or 22 years, Lara Croft has been a certified kickass heroine. Iconic for being a pioneer, the games were ground breaking for having a female protagonist and smashed expectations as it turned into a successful film franchise. Lara is a cool girl. Intelligent and inquisitive, physically and mentally strong, she has some emotional baggage that gives her an edge and has a mystique that entices men to be her friend and her lover. Earlier incarnations of the franchise portray her with a body only attainable if you’ve got money to burn. Baby in Dirty Dancing may have carried a watermelon but early pixelated Lara carried two on her chest whilst doing some amazingly impressive flips and fighting. But in a male dominated industry, Lara Croft was a beacon of hope.
The 2018 film is a crossover of the 2013 game reboot. Lara is still the young woman we all love but adapted for a modern time. Her iconic outfit is more practical (you don’t see Indiana Jones running around in shorts do you?). It’s an origin story that sets a new precedent for the character whilst still maintaining her roots.
At the start of the film she’s independent but struggling. Not wanting to admit to her father’s legacy, she works for a Deliveroo type service that can’t pay her most probably stupidly expensive London rent and trains at some kind of martial arts gym. The first act set’s key points in the plot up almost too nicely as it’s desperate to detach itself from her being a Mary Sue. She trains and has an amazingly sculpted body, (Vikander trained for 4 months prior to the role). She practiced archery as a child and had access to artefacts and puzzles. We never doubt her ability and it’s more a coming of age story about her failing and realizing her own potential than anything else.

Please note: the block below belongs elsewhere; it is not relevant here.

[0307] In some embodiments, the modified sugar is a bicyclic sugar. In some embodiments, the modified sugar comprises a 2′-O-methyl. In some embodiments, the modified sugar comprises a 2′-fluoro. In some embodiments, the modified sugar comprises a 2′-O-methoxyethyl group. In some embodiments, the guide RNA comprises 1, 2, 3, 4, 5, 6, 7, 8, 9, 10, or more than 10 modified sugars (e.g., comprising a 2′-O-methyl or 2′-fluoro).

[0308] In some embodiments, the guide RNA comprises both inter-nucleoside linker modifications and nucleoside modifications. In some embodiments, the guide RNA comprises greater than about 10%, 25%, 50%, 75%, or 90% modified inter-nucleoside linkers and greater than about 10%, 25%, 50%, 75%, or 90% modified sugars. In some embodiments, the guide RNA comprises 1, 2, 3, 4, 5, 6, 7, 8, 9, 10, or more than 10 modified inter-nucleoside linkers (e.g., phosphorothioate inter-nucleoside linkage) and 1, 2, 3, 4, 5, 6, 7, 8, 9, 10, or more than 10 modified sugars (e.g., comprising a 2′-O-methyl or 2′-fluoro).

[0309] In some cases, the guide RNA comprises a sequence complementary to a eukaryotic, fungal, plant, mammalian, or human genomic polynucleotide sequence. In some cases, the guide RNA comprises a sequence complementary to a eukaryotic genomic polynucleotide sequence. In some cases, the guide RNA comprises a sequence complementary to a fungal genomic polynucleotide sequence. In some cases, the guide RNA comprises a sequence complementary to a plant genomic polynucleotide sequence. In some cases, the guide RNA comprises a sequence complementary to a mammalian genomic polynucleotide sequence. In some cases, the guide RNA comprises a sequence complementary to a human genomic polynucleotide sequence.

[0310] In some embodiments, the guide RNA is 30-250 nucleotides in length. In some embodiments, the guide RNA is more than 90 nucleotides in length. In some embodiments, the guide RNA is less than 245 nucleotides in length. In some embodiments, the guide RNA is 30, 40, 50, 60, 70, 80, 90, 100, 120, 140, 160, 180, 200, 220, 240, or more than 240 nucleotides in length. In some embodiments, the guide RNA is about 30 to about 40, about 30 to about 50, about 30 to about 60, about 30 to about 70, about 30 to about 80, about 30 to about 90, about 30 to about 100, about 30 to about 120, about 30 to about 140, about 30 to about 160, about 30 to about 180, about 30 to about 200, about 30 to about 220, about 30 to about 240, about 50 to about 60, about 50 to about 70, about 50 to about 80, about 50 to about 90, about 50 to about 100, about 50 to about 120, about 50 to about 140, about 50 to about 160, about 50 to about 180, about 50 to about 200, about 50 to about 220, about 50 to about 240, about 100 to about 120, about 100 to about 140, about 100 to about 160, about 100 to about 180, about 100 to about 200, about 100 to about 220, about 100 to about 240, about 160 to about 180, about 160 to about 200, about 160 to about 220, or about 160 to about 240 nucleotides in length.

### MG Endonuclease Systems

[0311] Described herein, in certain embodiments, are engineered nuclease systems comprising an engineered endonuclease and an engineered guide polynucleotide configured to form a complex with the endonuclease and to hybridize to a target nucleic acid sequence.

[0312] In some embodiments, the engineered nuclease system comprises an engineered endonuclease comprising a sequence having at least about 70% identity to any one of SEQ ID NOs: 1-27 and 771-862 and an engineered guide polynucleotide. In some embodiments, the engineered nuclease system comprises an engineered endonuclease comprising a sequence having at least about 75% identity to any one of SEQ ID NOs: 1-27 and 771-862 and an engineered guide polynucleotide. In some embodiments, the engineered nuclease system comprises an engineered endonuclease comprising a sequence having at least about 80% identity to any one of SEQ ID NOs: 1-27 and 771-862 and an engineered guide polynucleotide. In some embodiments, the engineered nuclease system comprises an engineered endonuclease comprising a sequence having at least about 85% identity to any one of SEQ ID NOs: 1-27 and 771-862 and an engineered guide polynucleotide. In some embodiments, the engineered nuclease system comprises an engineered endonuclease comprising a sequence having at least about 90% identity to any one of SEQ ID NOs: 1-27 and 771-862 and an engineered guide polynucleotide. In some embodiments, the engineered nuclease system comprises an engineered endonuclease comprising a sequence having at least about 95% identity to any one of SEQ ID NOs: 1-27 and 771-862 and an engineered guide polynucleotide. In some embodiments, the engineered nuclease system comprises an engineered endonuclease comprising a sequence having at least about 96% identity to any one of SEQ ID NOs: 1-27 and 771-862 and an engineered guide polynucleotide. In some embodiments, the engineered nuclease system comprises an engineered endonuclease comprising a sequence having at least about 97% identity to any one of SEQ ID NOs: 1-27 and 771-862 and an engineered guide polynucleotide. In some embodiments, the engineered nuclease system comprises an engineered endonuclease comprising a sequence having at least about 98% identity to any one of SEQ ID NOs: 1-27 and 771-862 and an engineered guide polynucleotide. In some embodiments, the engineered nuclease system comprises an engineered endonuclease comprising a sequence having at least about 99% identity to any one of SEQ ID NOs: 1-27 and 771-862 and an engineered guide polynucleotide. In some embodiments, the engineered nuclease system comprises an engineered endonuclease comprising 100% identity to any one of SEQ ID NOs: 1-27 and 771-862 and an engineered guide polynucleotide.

So #AliciaVikander was brilliant as Lara Croft - she portrayed a good balance of recklessness and complexity. @TombRaiderMovie felt like you were experiencing the full-throttle energy of the game. pic.twitter.com/E0YpnCtFJ0— Cami (@Cami72960056) March 21, 2018
After reluctantly deciding to bask herself in her wealth she discovers a clue that all might not be as it seems. She learns of her father’s ambitious mission to stop an evil corporation from finding the tomb of Himiko, the Queen of Yamatai who has power over life and death. Still wanting to connect to her missing father, she travels to Hong Kong to fill in the missing gaps. With the help of Lu Ren, a boat owner whose father is connected to Lord Croft she lands shipwrecked on the mysterious island of Yamatai. Held captive by the films villain Mathias Vogel, he reveals he killed her father. She escapes and the serious action shots are deployed. The sequence in the river and holding on to the shipwrecked plane are monstrously epic. It’s got the fantasy of playing the games but the realisticness of actuality through Vikanders performance. You can feel the complexity of fear and determination throughout her portrayal.
The biggest spoiler that doesn’t really feel like a twist is that she finds her father living in a cave like a modern day Flintstone. It’s not a shock because it’s seemed like the only option to give Lara another layer of grit. The third act is where the character and legacy of Lara Croft is presented in all her glory. The tomb sequences is Lara at her most infallible. It’s got all of the Indiana Jones tropes you could ask for, spikes appearing from the floor, a colour puzzle that causes the floor to vanish and a sarcophagus. If a boulder appeared, making her to run for her life, it would have been almost too ironic.
The film ends with a clear set up for a sequel but left me feeling like I didn’t watch the film at all. I’m not bothered that I have no idea who Trinity are, I just came for the action. Vikander does a fantastic job in the role and reminds us that she’s a different kind of Croft. She plays into the girl next door and gives Lara the emotional depth she deserves. It’s a film I wished a younger self had had the opportunity to enjoy.